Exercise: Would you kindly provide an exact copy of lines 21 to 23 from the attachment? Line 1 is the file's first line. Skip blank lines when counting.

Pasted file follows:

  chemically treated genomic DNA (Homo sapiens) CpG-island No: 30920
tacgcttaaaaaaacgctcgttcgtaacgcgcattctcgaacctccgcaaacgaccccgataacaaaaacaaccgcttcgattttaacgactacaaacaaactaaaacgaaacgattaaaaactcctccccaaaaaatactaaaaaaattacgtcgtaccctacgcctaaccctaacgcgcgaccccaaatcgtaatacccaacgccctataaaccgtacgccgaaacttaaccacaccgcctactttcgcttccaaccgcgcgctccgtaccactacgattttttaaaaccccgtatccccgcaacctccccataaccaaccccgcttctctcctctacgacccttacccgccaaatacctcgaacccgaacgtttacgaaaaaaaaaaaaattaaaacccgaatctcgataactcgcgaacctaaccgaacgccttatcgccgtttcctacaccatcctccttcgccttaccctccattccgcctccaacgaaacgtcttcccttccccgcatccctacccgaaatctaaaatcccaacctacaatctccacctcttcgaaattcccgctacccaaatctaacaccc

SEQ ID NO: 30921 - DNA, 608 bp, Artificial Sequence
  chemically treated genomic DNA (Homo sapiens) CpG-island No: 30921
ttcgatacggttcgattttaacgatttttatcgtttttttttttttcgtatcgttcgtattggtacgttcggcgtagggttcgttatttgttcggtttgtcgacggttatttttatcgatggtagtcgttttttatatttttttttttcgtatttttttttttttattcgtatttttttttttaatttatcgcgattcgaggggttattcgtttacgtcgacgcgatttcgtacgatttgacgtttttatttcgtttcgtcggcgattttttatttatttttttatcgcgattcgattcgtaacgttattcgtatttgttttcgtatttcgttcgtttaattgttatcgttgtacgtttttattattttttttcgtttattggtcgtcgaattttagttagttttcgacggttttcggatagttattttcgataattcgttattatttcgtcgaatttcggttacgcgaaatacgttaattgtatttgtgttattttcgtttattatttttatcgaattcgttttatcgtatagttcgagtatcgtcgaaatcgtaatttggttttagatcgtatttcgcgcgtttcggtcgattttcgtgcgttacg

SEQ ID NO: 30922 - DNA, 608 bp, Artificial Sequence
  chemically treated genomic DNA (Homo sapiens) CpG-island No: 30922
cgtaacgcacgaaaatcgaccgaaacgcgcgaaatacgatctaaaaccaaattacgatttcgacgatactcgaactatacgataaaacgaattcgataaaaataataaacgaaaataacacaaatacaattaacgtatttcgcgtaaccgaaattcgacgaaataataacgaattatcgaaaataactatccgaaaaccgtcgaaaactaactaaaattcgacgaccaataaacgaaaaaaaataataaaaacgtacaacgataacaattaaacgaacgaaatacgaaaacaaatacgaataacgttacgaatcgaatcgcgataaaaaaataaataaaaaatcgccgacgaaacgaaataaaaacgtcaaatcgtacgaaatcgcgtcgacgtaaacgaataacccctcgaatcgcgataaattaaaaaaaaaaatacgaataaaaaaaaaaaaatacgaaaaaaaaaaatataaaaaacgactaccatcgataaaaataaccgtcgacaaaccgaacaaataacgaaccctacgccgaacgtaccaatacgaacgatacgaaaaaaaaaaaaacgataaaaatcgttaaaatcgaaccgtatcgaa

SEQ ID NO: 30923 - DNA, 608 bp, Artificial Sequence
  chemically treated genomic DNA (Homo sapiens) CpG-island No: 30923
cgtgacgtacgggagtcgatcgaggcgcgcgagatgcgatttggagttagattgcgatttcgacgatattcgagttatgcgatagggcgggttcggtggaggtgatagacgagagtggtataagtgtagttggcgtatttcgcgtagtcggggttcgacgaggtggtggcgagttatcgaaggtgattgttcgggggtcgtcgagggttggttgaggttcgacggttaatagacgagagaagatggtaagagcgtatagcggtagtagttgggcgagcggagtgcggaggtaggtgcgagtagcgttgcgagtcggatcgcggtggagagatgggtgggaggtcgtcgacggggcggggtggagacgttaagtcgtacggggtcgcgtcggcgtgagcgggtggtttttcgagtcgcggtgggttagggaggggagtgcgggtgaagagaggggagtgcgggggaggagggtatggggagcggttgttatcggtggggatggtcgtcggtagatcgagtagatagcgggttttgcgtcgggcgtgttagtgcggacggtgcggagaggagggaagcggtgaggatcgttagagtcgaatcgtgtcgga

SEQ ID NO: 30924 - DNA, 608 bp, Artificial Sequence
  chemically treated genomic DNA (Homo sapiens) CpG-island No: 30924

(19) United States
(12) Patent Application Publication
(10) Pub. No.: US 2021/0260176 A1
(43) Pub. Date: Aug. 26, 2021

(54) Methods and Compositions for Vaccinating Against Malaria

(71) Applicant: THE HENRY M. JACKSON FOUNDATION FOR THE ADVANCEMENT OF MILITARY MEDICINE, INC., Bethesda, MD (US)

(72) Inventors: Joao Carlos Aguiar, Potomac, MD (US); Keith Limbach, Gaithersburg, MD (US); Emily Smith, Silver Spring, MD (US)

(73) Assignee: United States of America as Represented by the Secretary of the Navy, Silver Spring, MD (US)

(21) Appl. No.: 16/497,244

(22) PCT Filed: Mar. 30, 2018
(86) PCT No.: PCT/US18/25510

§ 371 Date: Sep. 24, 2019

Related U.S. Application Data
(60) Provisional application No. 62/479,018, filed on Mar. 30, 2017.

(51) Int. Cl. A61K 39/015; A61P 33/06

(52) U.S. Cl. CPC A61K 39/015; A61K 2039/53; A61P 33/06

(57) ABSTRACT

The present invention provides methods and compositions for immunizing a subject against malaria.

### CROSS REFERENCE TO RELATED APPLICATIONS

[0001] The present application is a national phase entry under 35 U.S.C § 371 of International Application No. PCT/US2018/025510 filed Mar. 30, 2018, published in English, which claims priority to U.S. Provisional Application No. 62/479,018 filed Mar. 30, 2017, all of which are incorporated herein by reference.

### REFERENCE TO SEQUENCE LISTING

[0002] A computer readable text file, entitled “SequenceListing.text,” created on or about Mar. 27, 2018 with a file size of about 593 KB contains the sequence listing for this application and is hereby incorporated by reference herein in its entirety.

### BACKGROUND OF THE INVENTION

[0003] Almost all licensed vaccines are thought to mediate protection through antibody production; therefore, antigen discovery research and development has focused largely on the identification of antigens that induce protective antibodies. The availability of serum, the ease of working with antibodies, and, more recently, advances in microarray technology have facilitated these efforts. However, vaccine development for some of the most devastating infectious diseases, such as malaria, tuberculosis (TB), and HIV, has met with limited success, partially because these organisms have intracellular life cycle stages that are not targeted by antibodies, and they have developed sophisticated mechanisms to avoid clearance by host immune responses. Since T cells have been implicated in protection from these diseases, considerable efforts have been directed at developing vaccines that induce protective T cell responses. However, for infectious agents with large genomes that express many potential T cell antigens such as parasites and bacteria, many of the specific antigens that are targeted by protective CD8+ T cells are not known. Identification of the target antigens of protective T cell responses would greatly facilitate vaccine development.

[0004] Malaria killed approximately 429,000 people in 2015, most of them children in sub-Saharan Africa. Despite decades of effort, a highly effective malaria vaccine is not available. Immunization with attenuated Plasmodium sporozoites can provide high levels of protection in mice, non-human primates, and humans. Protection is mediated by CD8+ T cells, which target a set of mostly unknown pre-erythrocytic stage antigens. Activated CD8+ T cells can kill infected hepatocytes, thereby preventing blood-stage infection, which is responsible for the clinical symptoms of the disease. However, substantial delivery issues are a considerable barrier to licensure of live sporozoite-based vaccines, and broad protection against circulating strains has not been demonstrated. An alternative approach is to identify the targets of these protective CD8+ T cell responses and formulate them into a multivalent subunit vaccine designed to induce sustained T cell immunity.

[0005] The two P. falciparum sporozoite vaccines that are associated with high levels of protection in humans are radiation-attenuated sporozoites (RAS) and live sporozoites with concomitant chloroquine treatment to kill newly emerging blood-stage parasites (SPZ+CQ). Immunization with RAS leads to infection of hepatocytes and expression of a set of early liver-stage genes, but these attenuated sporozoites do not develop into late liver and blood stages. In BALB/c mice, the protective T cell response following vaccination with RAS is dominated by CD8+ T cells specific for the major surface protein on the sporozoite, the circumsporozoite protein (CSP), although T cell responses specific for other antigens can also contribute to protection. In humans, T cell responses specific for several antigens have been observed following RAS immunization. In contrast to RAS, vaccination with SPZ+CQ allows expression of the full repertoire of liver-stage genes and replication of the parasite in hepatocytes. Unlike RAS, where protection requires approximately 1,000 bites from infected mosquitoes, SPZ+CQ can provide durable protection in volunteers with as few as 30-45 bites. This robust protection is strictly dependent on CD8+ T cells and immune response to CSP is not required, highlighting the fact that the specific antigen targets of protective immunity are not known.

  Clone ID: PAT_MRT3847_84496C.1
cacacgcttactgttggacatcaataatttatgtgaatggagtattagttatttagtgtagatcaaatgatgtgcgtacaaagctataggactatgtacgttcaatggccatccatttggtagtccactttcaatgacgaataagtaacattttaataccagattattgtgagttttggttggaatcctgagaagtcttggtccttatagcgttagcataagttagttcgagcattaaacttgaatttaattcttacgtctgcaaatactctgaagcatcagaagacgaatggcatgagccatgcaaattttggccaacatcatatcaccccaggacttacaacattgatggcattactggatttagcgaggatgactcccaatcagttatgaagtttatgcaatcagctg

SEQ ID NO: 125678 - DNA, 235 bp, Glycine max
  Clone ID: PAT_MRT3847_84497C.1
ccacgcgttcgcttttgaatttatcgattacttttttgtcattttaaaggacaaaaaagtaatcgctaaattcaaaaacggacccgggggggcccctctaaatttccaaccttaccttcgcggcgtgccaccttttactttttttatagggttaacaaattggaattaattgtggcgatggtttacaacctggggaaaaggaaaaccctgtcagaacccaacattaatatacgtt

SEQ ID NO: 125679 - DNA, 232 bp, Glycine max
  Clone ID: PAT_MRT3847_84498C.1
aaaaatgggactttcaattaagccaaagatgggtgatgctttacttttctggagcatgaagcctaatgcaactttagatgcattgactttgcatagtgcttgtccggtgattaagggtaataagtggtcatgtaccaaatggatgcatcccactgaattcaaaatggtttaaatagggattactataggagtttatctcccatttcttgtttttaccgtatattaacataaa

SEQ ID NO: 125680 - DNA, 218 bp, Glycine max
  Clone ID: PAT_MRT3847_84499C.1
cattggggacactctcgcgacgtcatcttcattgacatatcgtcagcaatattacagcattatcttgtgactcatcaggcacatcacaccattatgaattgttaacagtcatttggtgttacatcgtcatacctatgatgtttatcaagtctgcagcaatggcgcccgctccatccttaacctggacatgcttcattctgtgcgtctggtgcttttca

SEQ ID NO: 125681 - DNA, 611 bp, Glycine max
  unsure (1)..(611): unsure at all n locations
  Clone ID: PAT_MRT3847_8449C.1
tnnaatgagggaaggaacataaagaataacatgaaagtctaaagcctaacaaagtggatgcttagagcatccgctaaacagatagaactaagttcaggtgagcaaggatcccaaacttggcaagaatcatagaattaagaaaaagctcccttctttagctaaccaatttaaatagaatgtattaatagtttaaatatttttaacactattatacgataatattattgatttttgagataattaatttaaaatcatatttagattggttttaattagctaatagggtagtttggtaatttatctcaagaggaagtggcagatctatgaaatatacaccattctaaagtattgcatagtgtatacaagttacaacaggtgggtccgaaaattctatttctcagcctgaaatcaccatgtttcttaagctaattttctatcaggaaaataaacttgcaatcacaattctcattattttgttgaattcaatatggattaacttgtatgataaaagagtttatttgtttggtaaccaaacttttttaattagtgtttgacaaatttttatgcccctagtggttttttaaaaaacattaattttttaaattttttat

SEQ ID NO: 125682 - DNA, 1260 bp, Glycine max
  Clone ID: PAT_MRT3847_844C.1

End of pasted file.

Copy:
(73) Assignee: United States of America as Represented by the Secretary of the Navy, Silver Spring, MD (US)

(21) Appl. No.: 16/497,244

(22) PCT Filed: Mar. 30, 2018